The diagram above illustrates $\Delta ABD$ inscribed in the regular rhombus $ACEF$ of $60^{\circ}$ and $120^{\circ}$ angles, where $D$ is the midpoint of $\overline{EC}$ , and $\overline{BD}$ is perpendicular to $\overline{AC}$ .

What is the
**
ratio of red area to green area
**
?

$\dfrac{3}{16}$
$\dfrac{13}{16}$
$\dfrac{1}{3}$
None of the choices.
$\dfrac{3}{13}$

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In the given diagram, set $|\overline{AB}| = 1$ , so $|\overline{BD}| = \dfrac{1}{\sqrt{3}}$ . Since $\Delta ABD \sim \Delta DBC$ , $|\overline{BC}| = \dfrac{1}{3}$ , which is clearly $3$ times shorter than $|\overline{AB}|$ .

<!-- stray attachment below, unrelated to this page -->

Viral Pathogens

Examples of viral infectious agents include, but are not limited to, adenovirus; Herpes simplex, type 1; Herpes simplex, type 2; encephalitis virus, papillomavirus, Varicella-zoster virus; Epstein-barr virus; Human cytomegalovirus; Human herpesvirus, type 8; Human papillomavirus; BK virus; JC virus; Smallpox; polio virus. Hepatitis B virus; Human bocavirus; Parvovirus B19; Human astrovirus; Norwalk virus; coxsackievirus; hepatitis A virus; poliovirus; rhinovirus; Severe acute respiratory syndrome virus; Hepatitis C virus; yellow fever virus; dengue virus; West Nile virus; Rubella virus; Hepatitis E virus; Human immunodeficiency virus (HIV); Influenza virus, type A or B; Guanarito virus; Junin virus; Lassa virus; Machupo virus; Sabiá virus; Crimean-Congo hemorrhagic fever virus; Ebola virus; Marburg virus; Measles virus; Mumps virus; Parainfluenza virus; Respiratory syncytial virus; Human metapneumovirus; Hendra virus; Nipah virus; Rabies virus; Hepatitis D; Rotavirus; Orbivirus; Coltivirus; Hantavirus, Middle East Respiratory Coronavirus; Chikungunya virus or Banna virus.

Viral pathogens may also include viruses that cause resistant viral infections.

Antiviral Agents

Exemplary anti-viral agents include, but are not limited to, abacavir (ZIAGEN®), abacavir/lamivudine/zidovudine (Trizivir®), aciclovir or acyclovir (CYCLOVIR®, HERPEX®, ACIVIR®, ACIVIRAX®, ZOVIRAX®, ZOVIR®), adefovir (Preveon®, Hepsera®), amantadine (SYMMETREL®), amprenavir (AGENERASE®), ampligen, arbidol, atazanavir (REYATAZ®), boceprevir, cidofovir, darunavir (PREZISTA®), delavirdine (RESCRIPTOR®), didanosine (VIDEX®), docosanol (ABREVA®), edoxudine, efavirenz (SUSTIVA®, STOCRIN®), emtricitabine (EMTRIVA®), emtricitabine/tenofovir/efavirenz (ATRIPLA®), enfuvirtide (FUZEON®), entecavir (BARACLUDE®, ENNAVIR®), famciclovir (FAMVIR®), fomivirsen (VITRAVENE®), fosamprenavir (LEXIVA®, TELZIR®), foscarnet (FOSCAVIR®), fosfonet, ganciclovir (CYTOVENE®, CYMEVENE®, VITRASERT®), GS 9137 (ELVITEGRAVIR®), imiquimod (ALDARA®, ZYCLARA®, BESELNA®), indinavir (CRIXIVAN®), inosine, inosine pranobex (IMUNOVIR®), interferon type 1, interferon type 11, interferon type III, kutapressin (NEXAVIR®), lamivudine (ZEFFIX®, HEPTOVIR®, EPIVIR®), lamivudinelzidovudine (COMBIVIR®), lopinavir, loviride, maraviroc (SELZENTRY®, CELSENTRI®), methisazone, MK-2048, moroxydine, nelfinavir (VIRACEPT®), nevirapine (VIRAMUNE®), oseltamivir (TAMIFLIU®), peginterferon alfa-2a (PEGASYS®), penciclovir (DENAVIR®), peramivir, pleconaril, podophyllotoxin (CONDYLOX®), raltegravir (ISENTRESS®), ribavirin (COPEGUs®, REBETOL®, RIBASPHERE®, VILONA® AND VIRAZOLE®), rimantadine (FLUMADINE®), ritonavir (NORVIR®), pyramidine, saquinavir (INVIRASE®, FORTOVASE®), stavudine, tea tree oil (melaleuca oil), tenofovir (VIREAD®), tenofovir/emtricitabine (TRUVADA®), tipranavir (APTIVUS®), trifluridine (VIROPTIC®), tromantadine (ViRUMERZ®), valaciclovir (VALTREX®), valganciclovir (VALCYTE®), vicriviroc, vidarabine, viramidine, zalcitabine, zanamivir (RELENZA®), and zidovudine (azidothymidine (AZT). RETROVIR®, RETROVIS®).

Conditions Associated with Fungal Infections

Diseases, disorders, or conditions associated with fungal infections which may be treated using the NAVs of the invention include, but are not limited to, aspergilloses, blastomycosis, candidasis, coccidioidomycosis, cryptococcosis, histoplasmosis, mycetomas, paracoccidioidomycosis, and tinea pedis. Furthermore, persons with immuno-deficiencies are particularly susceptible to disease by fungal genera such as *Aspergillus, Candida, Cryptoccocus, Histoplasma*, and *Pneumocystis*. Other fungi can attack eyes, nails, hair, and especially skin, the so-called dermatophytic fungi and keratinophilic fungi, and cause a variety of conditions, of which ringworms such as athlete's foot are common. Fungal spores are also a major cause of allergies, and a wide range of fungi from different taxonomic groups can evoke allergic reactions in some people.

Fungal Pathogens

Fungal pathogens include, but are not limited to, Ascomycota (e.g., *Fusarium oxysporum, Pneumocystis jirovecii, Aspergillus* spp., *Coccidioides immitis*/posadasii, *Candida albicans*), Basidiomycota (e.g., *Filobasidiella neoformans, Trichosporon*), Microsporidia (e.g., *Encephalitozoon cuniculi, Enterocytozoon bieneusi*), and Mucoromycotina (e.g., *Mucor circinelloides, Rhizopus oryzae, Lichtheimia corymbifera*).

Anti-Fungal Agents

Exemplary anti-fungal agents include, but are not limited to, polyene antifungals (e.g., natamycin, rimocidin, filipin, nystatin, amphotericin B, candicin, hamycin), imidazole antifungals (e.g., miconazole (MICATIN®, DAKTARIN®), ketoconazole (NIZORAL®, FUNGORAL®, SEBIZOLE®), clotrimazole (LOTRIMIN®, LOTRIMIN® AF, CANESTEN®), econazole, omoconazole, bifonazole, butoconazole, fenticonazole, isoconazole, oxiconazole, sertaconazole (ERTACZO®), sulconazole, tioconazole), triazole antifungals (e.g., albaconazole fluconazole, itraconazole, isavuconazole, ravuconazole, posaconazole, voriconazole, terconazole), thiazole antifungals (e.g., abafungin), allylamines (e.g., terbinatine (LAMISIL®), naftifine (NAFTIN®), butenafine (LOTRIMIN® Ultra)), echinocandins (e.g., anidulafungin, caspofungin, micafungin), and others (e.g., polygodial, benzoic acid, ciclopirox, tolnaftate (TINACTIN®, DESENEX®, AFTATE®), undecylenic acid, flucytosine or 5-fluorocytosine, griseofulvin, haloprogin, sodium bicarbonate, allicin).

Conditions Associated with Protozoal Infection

Let's now look at the next diagram, which involves section of rhombus into small triangles...

Here, the area of $\Delta ABD$ is three times the area of $\Delta BDC$ , which is shown by the sub-rectangle of six small triangles hovering $\Delta ABD$ . Since $\Delta ABD$ covers half the rectangle, this is equivalent to half the area of the rectangle.

Counting the number of small triangles for different-colored region, we see that there are $13$ of $\Delta BDC$ that are not colored red. Thus, the ratio is $\boxed{\dfrac{3}{13}}$ .

One can also view the rhombus as the triangle by moving two small triangles to the dashed regions.